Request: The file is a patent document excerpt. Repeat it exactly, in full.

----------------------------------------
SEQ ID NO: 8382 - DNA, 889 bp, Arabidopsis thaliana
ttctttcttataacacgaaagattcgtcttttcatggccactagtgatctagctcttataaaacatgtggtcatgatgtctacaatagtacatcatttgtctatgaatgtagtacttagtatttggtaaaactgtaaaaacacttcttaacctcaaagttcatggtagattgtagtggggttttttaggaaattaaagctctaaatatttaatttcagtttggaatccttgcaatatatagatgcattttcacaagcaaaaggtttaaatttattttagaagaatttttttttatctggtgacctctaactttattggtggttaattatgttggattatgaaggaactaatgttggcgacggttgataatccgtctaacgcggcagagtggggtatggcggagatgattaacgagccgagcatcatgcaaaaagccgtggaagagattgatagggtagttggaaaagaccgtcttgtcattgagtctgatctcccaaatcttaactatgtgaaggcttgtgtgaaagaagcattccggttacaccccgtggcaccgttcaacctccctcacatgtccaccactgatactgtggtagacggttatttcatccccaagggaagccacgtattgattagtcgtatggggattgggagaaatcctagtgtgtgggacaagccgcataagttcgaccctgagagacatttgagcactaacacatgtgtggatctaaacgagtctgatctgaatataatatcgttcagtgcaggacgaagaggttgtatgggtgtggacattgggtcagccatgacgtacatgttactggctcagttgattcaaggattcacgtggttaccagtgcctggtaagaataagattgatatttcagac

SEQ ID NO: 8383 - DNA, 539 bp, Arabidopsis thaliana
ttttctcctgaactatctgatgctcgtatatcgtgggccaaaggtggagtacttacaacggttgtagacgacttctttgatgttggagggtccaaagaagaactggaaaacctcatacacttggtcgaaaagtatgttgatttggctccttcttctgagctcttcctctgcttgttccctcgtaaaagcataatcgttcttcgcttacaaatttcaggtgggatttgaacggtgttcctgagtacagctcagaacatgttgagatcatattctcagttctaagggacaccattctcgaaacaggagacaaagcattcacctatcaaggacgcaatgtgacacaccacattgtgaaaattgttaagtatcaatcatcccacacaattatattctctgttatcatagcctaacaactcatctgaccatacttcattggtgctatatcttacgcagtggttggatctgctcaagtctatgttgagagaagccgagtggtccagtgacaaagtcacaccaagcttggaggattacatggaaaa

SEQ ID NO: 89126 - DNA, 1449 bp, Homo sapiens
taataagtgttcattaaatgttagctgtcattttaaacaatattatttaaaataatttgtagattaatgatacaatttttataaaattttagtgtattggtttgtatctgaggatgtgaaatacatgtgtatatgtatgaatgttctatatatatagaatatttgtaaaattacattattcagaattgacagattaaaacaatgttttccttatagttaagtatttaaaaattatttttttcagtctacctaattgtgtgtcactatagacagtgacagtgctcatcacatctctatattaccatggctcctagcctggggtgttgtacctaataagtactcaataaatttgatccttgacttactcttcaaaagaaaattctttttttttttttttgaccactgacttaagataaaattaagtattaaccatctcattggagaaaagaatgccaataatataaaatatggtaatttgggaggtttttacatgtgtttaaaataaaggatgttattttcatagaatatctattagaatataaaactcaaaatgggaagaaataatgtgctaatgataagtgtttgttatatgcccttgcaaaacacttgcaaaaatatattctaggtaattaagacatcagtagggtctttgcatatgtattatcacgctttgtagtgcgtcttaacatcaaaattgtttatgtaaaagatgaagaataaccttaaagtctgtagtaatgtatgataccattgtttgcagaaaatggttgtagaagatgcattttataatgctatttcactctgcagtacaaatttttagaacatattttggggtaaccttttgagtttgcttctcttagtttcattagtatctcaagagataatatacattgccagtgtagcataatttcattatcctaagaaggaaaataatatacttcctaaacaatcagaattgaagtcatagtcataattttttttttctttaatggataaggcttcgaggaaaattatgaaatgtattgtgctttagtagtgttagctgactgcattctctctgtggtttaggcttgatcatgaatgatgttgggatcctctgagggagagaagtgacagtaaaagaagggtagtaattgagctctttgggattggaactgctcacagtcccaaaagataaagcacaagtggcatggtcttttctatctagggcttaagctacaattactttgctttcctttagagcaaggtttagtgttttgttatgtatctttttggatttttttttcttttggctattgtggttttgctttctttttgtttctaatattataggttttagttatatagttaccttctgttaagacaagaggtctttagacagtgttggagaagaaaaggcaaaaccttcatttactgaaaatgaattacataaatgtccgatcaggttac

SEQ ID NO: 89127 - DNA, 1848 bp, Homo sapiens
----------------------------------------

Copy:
SEQ ID NO: 8382 - DNA, 889 bp, Arabidopsis thaliana
ttctttcttataacacgaaagattcgtcttttcatggccactagtgatctagctcttataaaacatgtggtcatgatgtctacaatagtacatcatttgtctatgaatgtagtacttagtatttggtaaaactgtaaaaacacttcttaacctcaaagttcatggtagattgtagtggggttttttaggaaattaaagctctaaatatttaatttcagtttggaatccttgcaatatatagatgcattttcacaagcaaaaggtttaaatttattttagaagaatttttttttatctggtgacctctaactttattggtggttaattatgttggattatgaaggaactaatgttggcgacggttgataatccgtctaacgcggcagagtggggtatggcggagatgattaacgagccgagcatcatgcaaaaagccgtggaagagattgatagggtagttggaaaagaccgtcttgtcattgagtctgatctcccaaatcttaactatgtgaaggcttgtgtgaaagaagcattccggttacaccccgtggcaccgttcaacctccctcacatgtccaccactgatactgtggtagacggttatttcatccccaagggaagccacgtattgattagtcgtatggggattgggagaaatcctagtgtgtgggacaagccgcataagttcgaccctgagagacatttgagcactaacacatgtgtggatctaaacgagtctgatctgaatataatatcgttcagtgcaggacgaagaggttgtatgggtgtggacattgggtcagccatgacgtacatgttactggctcagttgattcaaggattcacgtggttaccagtgcctggtaagaataagattgatatttcagac

SEQ ID NO: 8383 - DNA, 539 bp, Arabidopsis thaliana
ttttctcctgaactatctgatgctcgtatatcgtgggccaaaggtggagtacttacaacggttgtagacgacttctttgatgttggagggtccaaagaagaactggaaaacctcatacacttggtcgaaaagtatgttgatttggctccttcttctgagctcttcctctgcttgttccctcgtaaaagcataatcgttcttcgcttacaaatttcaggtgggatttgaacggtgttcctgagtacagctcagaacatgttgagatcatattctcagttctaagggacaccattctcgaaacaggagacaaagcattcacctatcaaggacgcaatgtgacacaccacattgtgaaaattgttaagtatcaatcatcccacacaattatattctctgttatcatagcctaacaactcatctgaccatacttcattggtgctatatcttacgcagtggttggatctgctcaagtctatgttgagagaagccgagtggtccagtgacaaagtcacaccaagcttggaggattacatggaaaa

SEQ ID NO: 89126 - DNA, 1449 bp, Homo sapiens
taataagtgttcattaaatgttagctgtcattttaaacaatattatttaaaataatttgtagattaatgatacaatttttataaaattttagtgtattggtttgtatctgaggatgtgaaatacatgtgtatatgtatgaatgttctatatatatagaatatttgtaaaattacattattcagaattgacagattaaaacaatgttttccttatagttaagtatttaaaaattatttttttcagtctacctaattgtgtgtcactatagacagtgacagtgctcatcacatctctatattaccatggctcctagcctggggtgttgtacctaataagtactcaataaatttgatccttgacttactcttcaaaagaaaattctttttttttttttttgaccactgacttaagataaaattaagtattaaccatctcattggagaaaagaatgccaataatataaaatatggtaatttgggaggtttttacatgtgtttaaaataaaggatgttattttcatagaatatctattagaatataaaactcaaaatgggaagaaataatgtgctaatgataagtgtttgttatatgcccttgcaaaacacttgcaaaaatatattctaggtaattaagacatcagtagggtctttgcatatgtattatcacgctttgtagtgcgtcttaacatcaaaattgtttatgtaaaagatgaagaataaccttaaagtctgtagtaatgtatgataccattgtttgcagaaaatggttgtagaagatgcattttataatgctatttcactctgcagtacaaatttttagaacatattttggggtaaccttttgagtttgcttctcttagtttcattagtatctcaagagataatatacattgccagtgtagcataatttcattatcctaagaaggaaaataatatacttcctaaacaatcagaattgaagtcatagtcataattttttttttctttaatggataaggcttcgaggaaaattatgaaatgtattgtgctttagtagtgttagctgactgcattctctctgtggtttaggcttgatcatgaatgatgttgggatcctctgagggagagaagtgacagtaaaagaagggtagtaattgagctctttgggattggaactgctcacagtcccaaaagataaagcacaagtggcatggtcttttctatctagggcttaagctacaattactttgctttcctttagagcaaggtttagtgttttgttatgtatctttttggatttttttttcttttggctattgtggttttgctttctttttgtttctaatattataggttttagttatatagttaccttctgttaagacaagaggtctttagacagtgttggagaagaaaaggcaaaaccttcatttactgaaaatgaattacataaatgtccgatcaggttac

SEQ ID NO: 89127 - DNA, 1848 bp, Homo sapiens